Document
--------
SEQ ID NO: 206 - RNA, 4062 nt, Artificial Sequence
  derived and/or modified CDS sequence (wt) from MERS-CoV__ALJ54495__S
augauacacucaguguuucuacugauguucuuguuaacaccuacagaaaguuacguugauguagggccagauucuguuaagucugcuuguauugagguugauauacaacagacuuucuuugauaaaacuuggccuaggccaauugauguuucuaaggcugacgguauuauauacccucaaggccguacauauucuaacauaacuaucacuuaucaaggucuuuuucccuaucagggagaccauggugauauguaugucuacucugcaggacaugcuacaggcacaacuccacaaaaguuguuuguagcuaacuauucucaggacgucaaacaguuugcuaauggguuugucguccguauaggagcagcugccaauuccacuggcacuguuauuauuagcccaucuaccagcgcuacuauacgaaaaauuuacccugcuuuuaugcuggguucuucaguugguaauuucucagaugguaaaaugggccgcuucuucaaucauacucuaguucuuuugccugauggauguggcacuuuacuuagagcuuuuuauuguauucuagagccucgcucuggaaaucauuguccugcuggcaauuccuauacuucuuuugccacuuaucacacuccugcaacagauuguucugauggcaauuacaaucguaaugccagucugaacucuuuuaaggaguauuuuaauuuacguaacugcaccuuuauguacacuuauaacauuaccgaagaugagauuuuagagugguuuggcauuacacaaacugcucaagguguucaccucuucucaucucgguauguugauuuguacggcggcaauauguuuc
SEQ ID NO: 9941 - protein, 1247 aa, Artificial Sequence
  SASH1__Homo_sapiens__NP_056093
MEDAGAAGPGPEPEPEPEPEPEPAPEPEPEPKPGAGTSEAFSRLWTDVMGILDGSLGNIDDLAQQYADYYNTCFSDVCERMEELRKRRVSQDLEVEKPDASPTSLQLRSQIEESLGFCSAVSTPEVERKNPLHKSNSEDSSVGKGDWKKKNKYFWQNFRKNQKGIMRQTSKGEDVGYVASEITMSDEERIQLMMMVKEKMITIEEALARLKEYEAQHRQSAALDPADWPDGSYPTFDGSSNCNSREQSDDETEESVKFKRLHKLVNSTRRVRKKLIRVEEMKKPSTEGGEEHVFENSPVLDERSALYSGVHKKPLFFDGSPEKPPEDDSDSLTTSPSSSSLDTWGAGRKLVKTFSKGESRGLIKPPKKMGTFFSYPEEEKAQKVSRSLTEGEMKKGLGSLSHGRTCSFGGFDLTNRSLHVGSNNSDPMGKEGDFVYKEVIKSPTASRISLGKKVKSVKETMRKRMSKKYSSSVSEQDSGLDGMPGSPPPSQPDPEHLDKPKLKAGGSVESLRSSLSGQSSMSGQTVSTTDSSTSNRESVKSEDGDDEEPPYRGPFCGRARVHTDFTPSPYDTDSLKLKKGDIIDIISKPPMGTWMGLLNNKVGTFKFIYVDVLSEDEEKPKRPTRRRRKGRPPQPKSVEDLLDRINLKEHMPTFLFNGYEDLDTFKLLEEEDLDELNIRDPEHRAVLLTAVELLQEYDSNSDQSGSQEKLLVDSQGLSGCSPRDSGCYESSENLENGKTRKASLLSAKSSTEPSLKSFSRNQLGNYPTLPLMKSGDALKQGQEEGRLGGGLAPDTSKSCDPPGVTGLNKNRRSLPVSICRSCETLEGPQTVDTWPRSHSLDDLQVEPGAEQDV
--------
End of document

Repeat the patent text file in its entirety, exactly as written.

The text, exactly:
SEQ ID NO: 206 - RNA, 4062 nt, Artificial Sequence
  derived and/or modified CDS sequence (wt) from MERS-CoV__ALJ54495__S
augauacacucaguguuucuacugauguucuuguuaacaccuacagaaaguuacguugauguagggccagauucuguuaagucugcuuguauugagguugauauacaacagacuuucuuugauaaaacuuggccuaggccaauugauguuucuaaggcugacgguauuauauacccucaaggccguacauauucuaacauaacuaucacuuaucaaggucuuuuucccuaucagggagaccauggugauauguaugucuacucugcaggacaugcuacaggcacaacuccacaaaaguuguuuguagcuaacuauucucaggacgucaaacaguuugcuaauggguuugucguccguauaggagcagcugccaauuccacuggcacuguuauuauuagcccaucuaccagcgcuacuauacgaaaaauuuacccugcuuuuaugcuggguucuucaguugguaauuucucagaugguaaaaugggccgcuucuucaaucauacucuaguucuuuugccugauggauguggcacuuuacuuagagcuuuuuauuguauucuagagccucgcucuggaaaucauuguccugcuggcaauuccuauacuucuuuugccacuuaucacacuccugcaacagauuguucugauggcaauuacaaucguaaugccagucugaacucuuuuaaggaguauuuuaauuuacguaacugcaccuuuauguacacuuauaacauuaccgaagaugagauuuuagagugguuuggcauuacacaaacugcucaagguguucaccucuucucaucucgguauguugauuuguacggcggcaauauguuuc
SEQ ID NO: 9941 - protein, 1247 aa, Artificial Sequence
  SASH1__Homo_sapiens__NP_056093
MEDAGAAGPGPEPEPEPEPEPEPAPEPEPEPKPGAGTSEAFSRLWTDVMGILDGSLGNIDDLAQQYADYYNTCFSDVCERMEELRKRRVSQDLEVEKPDASPTSLQLRSQIEESLGFCSAVSTPEVERKNPLHKSNSEDSSVGKGDWKKKNKYFWQNFRKNQKGIMRQTSKGEDVGYVASEITMSDEERIQLMMMVKEKMITIEEALARLKEYEAQHRQSAALDPADWPDGSYPTFDGSSNCNSREQSDDETEESVKFKRLHKLVNSTRRVRKKLIRVEEMKKPSTEGGEEHVFENSPVLDERSALYSGVHKKPLFFDGSPEKPPEDDSDSLTTSPSSSSLDTWGAGRKLVKTFSKGESRGLIKPPKKMGTFFSYPEEEKAQKVSRSLTEGEMKKGLGSLSHGRTCSFGGFDLTNRSLHVGSNNSDPMGKEGDFVYKEVIKSPTASRISLGKKVKSVKETMRKRMSKKYSSSVSEQDSGLDGMPGSPPPSQPDPEHLDKPKLKAGGSVESLRSSLSGQSSMSGQTVSTTDSSTSNRESVKSEDGDDEEPPYRGPFCGRARVHTDFTPSPYDTDSLKLKKGDIIDIISKPPMGTWMGLLNNKVGTFKFIYVDVLSEDEEKPKRPTRRRRKGRPPQPKSVEDLLDRINLKEHMPTFLFNGYEDLDTFKLLEEEDLDELNIRDPEHRAVLLTAVELLQEYDSNSDQSGSQEKLLVDSQGLSGCSPRDSGCYESSENLENGKTRKASLLSAKSSTEPSLKSFSRNQLGNYPTLPLMKSGDALKQGQEEGRLGGGLAPDTSKSCDPPGVTGLNKNRRSLPVSICRSCETLEGPQTVDTWPRSHSLDDLQVEPGAEQDV